Chapter 7 is one of my favourite chapters in the book. I was at a university function in the summer of 2009 and I happened to be chatting to an obese dietician. I was trying to understand from her where the 3,500 formula came from and she was looking at me as if I had two heads. I may as well have been challenging the idea that the world is flat. I decided that there was no point trying to pursue the query with this individual, but it did give me the idea that I should ‘go to the top’ and ask the bodies that rely upon this formula, as the foundation for their diet advice, from whence it came.
So, during June and July of 2009 I wrote to the British Dietetic Association (BDA), Dietitians in Obesity Management (DOM), the National Health Service (NHS), the National Institute for Clinical Excellence (NICE), the Department of Health (DoH), the National Obesity Forum (NOF) and the Association for the Study of Obesity (ASO), to ask all of these expert organisations for proof of the 3,500 formula. The answers absolutely stunned me and I hope that they do you also. Even NICE, supposedly the most evidence based of all the above organisations, admitted “Whilst our guidance does contain reference to studies involving 500 calorie deficit diets we do not hold any information about the rationale behind the statement ‘one pound of fat contains 3,500 calories, so to lose 1lb a week you need a deficit of 500 calories a day’.” That is to say – although we are an evidence based organisation, we have no evidence.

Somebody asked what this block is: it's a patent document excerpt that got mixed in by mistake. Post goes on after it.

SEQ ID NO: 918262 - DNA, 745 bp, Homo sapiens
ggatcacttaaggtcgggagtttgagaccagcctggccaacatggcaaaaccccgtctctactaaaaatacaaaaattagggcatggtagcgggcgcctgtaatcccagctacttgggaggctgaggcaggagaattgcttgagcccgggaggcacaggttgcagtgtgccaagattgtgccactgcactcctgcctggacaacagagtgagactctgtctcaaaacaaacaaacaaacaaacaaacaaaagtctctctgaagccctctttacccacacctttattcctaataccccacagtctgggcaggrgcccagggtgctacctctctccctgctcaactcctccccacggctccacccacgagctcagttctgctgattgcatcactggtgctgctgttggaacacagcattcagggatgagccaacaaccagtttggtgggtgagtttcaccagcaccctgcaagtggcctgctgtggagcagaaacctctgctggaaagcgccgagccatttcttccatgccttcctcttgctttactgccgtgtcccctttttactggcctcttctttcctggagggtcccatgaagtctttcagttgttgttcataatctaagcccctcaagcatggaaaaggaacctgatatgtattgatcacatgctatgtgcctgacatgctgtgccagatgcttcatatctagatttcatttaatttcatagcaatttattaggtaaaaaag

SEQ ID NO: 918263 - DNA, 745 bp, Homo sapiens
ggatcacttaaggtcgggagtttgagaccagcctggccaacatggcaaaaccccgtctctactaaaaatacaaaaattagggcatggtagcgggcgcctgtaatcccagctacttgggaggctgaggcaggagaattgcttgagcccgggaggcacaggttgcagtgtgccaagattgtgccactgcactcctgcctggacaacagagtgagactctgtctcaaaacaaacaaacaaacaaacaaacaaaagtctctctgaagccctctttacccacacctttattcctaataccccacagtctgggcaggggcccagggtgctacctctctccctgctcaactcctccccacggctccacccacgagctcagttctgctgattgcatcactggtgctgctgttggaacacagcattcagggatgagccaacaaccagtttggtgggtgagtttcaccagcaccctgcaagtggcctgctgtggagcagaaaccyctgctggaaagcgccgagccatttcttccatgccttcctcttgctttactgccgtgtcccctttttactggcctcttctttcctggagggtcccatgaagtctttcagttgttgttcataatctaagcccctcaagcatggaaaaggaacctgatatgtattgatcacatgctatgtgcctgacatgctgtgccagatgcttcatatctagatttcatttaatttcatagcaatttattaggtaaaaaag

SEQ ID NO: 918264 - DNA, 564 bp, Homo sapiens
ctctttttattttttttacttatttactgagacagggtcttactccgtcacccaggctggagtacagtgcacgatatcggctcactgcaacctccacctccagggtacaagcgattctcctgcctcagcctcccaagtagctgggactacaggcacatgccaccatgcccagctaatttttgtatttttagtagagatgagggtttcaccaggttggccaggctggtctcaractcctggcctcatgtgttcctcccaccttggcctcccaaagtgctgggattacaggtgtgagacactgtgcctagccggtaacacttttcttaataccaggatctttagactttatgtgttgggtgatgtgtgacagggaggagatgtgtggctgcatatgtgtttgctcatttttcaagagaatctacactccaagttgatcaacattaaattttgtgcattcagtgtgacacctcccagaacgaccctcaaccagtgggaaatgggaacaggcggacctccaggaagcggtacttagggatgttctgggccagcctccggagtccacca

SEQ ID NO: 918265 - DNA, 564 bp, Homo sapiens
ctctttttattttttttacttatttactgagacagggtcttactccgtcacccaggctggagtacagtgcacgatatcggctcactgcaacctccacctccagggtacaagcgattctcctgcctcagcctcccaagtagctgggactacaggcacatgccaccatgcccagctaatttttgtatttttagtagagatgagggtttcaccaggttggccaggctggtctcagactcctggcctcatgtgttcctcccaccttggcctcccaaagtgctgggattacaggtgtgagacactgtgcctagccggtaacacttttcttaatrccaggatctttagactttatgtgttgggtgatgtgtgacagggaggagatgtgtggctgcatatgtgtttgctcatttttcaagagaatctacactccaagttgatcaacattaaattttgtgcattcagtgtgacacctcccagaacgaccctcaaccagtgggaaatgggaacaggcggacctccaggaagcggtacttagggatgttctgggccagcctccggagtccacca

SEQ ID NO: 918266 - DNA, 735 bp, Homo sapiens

Chapter 7 also has two incredible diagrams – one a study from 2007 with documented evidence from 80 different weight loss methods – all based on eat less and/or do more. You will see what the evidence tells you that you might lose, if you manage to stick to the programme, over a year, two years, three years and four years. I then plot the promise of the calorie theory – i.e. that, if you create a deficit of 1,000 calories a day (7,000 calories a week), you will lose 104lbs in fat alone (more in water and lean tissue) during the year (2lbs a week for 52 weeks). You will not be able to believe the difference between the two charts – what you will lose and what you have been told you will lose.